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Robotic Oil Spill Cleaner

Could tiny robots be our nation’s future go-to cleaning solution for massive oil spills? The University of Colorado Boulder seems to think so.

In fact, they’ve created a lab specifically designed for building tiny swarms of robotic balls that work together to clean up oil. The lab consists of 20 ping-pong ball sized robots, which the students refer to as “droplets”.

The droplets work together to create a “liquid that thinks”. It’s quite incredible to consider a future where robots think autonomously to solve problems, but that’s exactly what UCB Assistant Professor Nikolaus Correll imagines will one day become reality.

“Every living organism is made from a swarm of collaborating cells. Perhaps some day, our swarms will colonize space assembling habitats and lush gardens for space explorers,” said Correll.

The UCB lab allows students to test the robot’s behaviors in a multitude of different scenarios and environments.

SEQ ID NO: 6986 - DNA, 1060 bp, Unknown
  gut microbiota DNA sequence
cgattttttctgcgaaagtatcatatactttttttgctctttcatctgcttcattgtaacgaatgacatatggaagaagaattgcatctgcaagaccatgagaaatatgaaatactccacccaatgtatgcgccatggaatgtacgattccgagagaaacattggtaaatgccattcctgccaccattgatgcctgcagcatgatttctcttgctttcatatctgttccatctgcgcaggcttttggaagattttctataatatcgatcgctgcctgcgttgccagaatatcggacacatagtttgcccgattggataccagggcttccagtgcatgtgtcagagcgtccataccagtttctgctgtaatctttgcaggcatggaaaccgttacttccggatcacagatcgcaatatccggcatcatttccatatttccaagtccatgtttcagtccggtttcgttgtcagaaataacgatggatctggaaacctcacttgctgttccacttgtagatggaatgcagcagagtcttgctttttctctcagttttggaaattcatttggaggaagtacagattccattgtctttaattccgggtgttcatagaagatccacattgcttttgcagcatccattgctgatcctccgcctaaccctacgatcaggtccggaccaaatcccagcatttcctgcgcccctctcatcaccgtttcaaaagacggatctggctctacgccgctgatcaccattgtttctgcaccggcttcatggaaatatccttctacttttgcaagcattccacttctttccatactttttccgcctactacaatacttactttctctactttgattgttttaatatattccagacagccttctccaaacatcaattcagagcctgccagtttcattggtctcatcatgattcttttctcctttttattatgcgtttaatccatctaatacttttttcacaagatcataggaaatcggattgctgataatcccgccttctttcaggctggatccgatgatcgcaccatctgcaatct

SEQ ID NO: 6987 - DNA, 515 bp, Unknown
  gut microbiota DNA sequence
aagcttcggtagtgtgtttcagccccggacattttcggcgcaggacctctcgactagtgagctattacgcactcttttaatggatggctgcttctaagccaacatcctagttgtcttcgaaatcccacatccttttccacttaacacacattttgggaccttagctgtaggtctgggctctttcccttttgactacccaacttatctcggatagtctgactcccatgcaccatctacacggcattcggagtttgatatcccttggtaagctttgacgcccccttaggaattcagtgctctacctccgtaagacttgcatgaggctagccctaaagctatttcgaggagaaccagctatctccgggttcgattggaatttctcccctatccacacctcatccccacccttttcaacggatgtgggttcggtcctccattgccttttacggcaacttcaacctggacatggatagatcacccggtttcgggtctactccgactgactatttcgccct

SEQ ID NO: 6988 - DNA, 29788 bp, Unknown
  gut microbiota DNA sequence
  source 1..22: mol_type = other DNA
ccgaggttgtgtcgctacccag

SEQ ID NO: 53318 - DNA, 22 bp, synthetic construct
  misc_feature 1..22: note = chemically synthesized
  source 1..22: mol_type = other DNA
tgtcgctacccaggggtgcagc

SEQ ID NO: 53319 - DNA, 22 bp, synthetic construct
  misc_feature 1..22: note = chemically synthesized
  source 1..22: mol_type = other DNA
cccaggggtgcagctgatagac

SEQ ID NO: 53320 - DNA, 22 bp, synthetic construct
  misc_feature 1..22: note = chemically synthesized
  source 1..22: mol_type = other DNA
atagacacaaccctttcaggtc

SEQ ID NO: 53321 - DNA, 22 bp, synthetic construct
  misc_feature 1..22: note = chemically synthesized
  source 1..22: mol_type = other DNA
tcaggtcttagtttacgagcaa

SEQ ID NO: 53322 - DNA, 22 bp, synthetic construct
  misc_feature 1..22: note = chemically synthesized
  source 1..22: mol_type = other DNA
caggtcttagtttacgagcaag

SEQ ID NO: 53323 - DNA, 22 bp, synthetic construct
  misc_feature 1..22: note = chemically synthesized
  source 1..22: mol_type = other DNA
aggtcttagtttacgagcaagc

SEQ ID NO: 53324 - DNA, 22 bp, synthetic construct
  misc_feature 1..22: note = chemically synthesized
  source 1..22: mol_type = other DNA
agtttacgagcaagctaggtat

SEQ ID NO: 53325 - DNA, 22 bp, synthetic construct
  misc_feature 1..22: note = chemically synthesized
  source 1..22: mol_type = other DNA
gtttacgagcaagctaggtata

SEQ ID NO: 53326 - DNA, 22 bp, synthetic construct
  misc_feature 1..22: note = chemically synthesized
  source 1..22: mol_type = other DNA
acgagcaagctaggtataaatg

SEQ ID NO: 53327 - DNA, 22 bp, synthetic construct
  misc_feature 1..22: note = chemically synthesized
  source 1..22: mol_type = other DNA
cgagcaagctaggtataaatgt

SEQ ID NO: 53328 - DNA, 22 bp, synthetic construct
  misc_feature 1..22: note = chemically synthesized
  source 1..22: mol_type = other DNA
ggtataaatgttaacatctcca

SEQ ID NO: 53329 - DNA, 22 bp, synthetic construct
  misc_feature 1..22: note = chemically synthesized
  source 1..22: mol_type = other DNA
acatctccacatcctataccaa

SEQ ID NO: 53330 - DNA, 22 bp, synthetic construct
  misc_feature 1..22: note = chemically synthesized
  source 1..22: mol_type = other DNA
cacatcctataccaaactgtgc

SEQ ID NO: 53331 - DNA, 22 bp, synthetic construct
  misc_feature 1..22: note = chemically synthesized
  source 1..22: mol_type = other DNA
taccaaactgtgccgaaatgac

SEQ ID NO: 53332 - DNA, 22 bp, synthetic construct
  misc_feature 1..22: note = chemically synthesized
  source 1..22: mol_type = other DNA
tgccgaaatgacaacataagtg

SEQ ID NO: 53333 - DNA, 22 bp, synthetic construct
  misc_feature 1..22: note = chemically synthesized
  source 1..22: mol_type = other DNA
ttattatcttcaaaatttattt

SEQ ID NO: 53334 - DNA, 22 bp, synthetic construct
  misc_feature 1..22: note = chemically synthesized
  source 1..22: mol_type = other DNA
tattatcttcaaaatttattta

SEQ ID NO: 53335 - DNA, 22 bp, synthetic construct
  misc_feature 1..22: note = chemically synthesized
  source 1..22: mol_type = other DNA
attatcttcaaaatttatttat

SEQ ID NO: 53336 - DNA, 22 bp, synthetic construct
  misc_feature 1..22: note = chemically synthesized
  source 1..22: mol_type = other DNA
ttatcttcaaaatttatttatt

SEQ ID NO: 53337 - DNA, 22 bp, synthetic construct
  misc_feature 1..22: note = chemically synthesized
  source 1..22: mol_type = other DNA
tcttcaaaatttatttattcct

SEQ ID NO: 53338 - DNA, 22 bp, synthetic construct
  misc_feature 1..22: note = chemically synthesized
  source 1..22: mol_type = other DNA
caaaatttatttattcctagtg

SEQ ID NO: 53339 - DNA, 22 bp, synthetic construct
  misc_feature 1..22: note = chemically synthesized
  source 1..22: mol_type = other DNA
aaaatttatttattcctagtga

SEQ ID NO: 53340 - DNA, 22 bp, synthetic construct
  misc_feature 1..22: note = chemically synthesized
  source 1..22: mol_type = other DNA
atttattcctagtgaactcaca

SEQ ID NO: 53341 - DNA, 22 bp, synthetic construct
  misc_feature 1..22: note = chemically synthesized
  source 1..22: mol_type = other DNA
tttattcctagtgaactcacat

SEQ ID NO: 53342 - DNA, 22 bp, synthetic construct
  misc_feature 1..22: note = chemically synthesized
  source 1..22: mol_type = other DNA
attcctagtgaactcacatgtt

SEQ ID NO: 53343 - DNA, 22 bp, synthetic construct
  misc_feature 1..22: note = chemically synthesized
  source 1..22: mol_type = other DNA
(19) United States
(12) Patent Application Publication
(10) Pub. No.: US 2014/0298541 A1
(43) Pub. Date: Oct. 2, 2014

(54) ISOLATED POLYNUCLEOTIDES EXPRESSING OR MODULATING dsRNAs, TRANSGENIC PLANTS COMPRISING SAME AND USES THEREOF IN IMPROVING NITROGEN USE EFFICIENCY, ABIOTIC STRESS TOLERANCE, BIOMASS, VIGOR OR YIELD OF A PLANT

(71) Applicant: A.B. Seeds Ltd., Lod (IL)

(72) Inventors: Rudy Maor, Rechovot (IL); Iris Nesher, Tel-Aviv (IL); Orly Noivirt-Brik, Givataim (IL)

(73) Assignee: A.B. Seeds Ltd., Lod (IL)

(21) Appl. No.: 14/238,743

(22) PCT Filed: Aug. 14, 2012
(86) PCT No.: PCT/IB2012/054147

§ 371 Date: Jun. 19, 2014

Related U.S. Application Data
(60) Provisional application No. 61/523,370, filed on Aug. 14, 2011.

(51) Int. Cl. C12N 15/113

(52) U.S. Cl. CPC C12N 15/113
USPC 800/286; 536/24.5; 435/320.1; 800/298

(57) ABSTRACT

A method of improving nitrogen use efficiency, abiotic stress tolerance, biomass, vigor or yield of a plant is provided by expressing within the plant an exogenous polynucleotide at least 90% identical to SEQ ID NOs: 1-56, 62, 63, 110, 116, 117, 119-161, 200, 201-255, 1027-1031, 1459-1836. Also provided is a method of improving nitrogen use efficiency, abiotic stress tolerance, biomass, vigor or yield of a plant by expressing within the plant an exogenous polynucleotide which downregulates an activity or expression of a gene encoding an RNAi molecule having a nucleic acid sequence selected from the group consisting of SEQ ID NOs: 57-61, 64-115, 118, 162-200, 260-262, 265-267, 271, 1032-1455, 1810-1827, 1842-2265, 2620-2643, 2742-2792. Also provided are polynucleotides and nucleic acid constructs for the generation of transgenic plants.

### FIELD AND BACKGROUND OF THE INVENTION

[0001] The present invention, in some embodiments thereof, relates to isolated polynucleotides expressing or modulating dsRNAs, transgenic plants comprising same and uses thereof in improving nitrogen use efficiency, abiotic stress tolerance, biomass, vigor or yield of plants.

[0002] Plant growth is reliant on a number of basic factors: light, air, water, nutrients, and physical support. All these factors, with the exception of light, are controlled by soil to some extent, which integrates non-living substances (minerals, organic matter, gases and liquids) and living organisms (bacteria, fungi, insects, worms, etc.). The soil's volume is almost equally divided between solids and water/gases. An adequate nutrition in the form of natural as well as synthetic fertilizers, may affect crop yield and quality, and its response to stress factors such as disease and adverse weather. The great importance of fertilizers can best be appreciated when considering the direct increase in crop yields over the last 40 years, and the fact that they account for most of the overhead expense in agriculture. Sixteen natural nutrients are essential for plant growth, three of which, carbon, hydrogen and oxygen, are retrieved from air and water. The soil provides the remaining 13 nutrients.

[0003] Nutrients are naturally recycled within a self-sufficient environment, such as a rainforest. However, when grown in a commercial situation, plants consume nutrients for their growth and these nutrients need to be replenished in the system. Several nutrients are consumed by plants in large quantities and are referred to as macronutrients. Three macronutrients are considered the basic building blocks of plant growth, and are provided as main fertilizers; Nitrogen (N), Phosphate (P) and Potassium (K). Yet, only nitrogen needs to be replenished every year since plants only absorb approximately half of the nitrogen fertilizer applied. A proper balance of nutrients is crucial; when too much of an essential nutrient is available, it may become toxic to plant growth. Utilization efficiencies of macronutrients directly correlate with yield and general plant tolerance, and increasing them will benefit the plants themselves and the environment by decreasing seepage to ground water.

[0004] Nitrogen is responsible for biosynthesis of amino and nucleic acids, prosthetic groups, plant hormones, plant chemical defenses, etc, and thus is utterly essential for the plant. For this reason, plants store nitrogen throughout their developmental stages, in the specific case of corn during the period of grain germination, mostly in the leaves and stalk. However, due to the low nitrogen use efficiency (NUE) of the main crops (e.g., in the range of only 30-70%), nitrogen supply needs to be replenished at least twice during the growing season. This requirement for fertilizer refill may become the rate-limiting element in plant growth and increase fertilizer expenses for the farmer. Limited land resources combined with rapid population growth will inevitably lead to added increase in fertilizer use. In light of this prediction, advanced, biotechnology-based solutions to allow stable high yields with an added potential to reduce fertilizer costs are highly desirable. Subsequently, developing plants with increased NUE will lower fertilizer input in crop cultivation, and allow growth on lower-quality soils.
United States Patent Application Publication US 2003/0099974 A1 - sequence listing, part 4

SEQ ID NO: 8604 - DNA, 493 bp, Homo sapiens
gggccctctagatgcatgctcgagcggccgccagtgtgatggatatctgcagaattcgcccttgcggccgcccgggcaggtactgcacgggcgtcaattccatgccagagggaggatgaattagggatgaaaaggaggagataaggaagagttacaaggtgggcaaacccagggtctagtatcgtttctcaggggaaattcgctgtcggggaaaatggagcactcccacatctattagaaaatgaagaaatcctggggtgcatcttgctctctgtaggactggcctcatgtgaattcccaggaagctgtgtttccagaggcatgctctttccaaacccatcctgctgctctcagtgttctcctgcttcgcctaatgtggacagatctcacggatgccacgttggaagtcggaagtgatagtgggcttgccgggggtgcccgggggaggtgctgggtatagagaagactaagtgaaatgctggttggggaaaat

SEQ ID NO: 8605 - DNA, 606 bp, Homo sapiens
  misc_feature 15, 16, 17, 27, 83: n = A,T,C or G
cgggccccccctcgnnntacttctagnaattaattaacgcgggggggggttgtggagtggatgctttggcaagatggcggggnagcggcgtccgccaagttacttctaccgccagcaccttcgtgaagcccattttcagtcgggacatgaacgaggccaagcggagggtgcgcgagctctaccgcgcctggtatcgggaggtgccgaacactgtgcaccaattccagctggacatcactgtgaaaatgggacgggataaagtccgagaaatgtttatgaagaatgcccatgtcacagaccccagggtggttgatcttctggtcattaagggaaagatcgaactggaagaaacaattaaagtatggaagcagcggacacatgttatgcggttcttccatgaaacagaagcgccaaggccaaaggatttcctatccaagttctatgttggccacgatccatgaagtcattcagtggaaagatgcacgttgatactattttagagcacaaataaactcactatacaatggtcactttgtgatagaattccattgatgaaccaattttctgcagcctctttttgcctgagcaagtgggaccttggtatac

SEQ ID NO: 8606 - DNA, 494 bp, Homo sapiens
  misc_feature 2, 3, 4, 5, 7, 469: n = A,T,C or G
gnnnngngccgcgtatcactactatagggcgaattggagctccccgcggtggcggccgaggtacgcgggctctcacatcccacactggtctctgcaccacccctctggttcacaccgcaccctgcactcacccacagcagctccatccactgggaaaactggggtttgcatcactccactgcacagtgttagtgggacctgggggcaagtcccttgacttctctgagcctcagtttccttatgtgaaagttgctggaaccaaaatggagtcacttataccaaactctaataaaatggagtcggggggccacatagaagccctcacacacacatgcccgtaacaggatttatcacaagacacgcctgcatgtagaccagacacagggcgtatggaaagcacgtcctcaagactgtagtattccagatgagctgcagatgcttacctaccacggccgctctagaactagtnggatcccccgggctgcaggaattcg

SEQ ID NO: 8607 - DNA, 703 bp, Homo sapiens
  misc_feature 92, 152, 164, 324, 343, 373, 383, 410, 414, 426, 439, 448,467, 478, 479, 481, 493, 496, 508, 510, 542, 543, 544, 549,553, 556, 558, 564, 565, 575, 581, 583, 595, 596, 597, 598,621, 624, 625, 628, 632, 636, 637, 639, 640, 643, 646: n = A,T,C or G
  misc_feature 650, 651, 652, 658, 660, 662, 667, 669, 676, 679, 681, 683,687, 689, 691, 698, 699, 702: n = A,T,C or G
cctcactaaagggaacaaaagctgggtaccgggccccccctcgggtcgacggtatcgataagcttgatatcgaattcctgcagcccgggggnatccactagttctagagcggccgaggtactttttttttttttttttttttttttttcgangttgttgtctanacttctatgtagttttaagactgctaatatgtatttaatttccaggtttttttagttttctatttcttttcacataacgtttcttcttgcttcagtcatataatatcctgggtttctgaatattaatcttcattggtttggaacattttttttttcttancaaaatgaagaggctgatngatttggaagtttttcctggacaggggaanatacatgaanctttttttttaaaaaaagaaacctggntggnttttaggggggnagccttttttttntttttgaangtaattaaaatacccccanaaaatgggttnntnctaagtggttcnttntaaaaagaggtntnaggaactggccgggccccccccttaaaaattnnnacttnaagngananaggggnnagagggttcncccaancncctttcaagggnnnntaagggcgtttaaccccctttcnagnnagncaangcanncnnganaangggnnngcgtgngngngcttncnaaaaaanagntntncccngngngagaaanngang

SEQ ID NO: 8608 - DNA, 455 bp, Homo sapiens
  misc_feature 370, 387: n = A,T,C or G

This video will give you an example of what the future oil cleaning ‘bots will look like once they evolve beyond the prototype stage. Much like insects, a single organism can’t do much by itself, but multiplied by thousands, it can accomplish many seemingly impossible feats.

One of the obstacles barring wider implementation of these robots is the fact that no one has been able to create them to be easily recycled. As of now, most of the components and material isn’t recyclable, which means once they reach their operational limit, they’ll be tossed into the scrap pile. Until the day comes when we can throw these into our recycling bins, we likely won’t see them implemented further than the design stage.

But when that day arrives, these tiny robots will definitely become a major part of our day-to-day construction methods, going everywhere from underground tunnels to outer space platform designing.

In essence, they’re nothing more than blown up nanobots, which, are more than capable of completing the most extraordinary of tasks.

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